Farpoint 2015 is this weekend! Guests include Colin Ferguson, Tim Russ, Timothy Zahn, and, of course, me.
I know I said I’d retired from Farpoint and all, but Renee and I stepped up this year to run the Art Show, so that our friends Cindy Woods and Heather Mikkelsen could take over Programming, where they’ve done a stellar job. So I’ll be in the Art Show room a lot this weekend.
I discovered Wonder Woman when I was about nine years old. The very first story I ever read was her first cover appearance in Sensation Comics #1. (Not the original issue, but a repro from the 1970s, when DC Comics cared about its history and took lots of opportunities to introduce new readers to old stories.) I quickly ordered a similar repro of Wonder Woman #1, and so I pretty much knew from the beginning that Wonder Woman’s creator, William Moulton Marston, who wrote under the name Charles Moulton, was a psychiatrist. I knew he was the inventor of the lie detector test (but, sadly, not the person who wound up with the patent for it), and that he had created his character intentionally to give comics readers an example of a strong female. (Not just, it turns out, as a role model for girls, either.)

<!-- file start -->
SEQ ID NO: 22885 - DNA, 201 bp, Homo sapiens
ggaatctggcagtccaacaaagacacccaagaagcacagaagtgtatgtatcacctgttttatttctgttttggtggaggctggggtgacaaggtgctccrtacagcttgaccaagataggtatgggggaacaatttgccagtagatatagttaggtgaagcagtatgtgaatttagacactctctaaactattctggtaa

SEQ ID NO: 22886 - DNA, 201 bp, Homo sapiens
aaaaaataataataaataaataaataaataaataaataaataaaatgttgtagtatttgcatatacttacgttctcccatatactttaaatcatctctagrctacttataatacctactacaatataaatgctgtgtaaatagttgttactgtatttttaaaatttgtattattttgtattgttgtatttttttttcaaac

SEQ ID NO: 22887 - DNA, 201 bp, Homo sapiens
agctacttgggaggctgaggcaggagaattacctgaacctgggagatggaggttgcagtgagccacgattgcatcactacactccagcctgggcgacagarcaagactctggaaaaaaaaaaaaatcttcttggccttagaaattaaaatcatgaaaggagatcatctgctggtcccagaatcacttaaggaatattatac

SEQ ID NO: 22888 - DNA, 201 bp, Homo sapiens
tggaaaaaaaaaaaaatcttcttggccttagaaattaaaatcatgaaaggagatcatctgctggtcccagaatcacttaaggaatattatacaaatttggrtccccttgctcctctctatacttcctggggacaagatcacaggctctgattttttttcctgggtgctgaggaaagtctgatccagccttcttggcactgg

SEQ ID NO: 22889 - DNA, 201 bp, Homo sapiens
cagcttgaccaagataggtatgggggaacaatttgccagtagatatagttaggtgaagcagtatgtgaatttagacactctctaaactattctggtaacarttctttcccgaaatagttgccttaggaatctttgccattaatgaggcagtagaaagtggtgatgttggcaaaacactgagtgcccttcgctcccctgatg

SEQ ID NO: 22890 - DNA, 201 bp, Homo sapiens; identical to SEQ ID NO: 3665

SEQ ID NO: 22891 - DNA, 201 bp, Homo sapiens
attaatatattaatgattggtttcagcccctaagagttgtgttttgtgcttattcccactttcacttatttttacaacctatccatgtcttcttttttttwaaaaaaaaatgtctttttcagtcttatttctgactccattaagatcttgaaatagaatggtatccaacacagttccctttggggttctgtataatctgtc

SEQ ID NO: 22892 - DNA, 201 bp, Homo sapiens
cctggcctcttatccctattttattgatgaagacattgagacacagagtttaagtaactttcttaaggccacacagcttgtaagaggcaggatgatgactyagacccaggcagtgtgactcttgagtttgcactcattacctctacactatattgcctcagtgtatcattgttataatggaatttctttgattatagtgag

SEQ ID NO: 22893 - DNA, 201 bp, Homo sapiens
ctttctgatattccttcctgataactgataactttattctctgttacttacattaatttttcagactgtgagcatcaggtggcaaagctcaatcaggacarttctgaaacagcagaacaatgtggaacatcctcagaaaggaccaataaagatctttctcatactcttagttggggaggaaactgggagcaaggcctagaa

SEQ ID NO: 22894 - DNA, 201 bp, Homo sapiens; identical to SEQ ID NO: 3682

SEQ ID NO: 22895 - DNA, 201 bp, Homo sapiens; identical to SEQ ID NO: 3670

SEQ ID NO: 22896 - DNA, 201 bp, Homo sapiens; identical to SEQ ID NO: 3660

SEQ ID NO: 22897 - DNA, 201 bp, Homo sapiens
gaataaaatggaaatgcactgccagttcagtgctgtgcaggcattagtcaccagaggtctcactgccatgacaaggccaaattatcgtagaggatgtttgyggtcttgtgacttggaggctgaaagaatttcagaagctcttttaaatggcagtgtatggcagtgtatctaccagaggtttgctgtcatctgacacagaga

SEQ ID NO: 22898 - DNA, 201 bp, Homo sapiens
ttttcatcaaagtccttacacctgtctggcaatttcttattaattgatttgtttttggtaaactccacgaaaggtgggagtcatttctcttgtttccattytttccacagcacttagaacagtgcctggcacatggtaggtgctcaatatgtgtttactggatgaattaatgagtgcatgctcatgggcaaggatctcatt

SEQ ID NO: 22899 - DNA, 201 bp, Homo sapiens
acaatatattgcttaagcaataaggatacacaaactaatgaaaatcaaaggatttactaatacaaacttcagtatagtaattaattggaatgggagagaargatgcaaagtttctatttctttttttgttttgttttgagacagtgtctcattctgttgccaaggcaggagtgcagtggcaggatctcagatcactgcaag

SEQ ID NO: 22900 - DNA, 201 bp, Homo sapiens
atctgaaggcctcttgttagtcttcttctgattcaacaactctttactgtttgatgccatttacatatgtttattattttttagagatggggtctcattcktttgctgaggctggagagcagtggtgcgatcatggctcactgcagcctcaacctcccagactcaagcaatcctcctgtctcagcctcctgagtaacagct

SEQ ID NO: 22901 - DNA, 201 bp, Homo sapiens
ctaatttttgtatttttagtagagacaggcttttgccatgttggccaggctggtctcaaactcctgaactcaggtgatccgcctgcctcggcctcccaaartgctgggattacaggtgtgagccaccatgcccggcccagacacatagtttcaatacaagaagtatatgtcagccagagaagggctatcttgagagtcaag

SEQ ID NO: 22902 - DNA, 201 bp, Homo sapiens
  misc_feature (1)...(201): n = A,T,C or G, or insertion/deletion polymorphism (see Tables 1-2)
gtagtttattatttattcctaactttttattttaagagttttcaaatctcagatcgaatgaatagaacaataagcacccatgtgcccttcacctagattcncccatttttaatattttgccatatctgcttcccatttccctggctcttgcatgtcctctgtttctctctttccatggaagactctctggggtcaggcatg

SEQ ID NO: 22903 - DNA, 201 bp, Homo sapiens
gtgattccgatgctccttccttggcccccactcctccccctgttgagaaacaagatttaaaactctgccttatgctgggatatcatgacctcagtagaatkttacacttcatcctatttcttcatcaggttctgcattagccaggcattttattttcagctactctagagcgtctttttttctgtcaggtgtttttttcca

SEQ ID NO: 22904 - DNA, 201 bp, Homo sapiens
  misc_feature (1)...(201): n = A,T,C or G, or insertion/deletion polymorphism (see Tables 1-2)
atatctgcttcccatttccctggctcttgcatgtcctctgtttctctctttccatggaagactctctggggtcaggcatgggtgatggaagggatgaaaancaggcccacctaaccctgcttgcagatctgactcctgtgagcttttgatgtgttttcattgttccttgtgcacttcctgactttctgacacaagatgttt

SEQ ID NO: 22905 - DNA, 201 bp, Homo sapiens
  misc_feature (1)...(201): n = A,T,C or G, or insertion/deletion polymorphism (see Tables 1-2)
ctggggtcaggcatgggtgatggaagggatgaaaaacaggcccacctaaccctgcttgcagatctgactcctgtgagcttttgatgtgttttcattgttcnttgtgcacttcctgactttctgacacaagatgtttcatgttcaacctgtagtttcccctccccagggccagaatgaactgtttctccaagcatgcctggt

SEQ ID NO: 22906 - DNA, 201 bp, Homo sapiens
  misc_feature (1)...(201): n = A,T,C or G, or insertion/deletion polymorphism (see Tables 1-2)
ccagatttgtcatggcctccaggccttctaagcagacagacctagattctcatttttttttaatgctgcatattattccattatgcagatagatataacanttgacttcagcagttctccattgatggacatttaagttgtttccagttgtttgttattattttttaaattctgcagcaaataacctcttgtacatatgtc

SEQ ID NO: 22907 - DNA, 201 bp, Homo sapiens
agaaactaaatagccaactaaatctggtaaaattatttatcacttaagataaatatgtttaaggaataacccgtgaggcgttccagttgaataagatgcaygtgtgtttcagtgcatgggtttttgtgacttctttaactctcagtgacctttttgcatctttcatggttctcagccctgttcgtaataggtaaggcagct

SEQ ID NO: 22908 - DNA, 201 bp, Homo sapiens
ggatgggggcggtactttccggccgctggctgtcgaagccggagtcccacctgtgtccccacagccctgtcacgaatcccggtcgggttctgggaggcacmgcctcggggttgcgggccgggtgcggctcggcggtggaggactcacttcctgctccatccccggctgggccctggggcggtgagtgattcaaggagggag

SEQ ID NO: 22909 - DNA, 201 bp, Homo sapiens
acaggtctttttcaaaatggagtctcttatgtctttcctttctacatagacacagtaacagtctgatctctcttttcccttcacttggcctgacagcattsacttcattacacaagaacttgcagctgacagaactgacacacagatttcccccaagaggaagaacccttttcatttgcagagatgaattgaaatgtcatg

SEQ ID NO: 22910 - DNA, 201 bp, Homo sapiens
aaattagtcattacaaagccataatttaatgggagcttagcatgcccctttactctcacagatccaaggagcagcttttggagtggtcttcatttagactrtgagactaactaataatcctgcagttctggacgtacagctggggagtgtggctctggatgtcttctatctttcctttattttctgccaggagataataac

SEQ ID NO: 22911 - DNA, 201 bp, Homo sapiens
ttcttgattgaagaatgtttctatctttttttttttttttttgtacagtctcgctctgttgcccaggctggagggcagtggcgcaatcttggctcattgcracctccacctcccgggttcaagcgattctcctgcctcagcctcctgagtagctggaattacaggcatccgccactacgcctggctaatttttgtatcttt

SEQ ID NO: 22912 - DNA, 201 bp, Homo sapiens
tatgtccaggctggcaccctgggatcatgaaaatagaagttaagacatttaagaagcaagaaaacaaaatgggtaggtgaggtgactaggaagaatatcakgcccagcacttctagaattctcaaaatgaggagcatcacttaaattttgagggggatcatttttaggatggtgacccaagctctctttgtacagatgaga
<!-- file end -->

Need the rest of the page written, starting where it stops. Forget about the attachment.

There’s nothing more disheartening for a writer than to read something published by a major house and think, “I can write better than this!” That’s especially true for a writer whose collection of rejection notices exceeds his collection of pay checks for work sold. (Isn’t that most of us, though?)
Oh, yeah, there is something more disheartening… having that work be authored by someone that one of your literary idols thought was a real talent.
I picked up a couple of books by Dan Galouye because he’s mentioned, in Robert A Heinlein: In Dialogue With His Century, as a writer whose work the Grandmaster really admired.
RAH must have read something by Galouye other than The Infinite Man.
This is the saddest film I’ve watched in a long time. Maybe ever. And, right up front, SPOILERS, SPOILERS, SPOILERS. Yeah, that’s kinda strange to say, given that the movie chronicles real-life events that happened 70 years ago and more, but, if you want to be “surprised” by events you didn’t know about, stop reading now.
Benedict Cumberbatch plays Alan Turing, arguably the inventor of the first electronic computer, and leader of the effort to break the Nazis’ top secret “Enigma” code during World War Two. Turing was a misfit from the word go. He was the smartest kid in his class, suffered, suggests the film, from OCD, and was gay at a time when homosexuality was an offense punishable by jail time or forced “chemical castration.”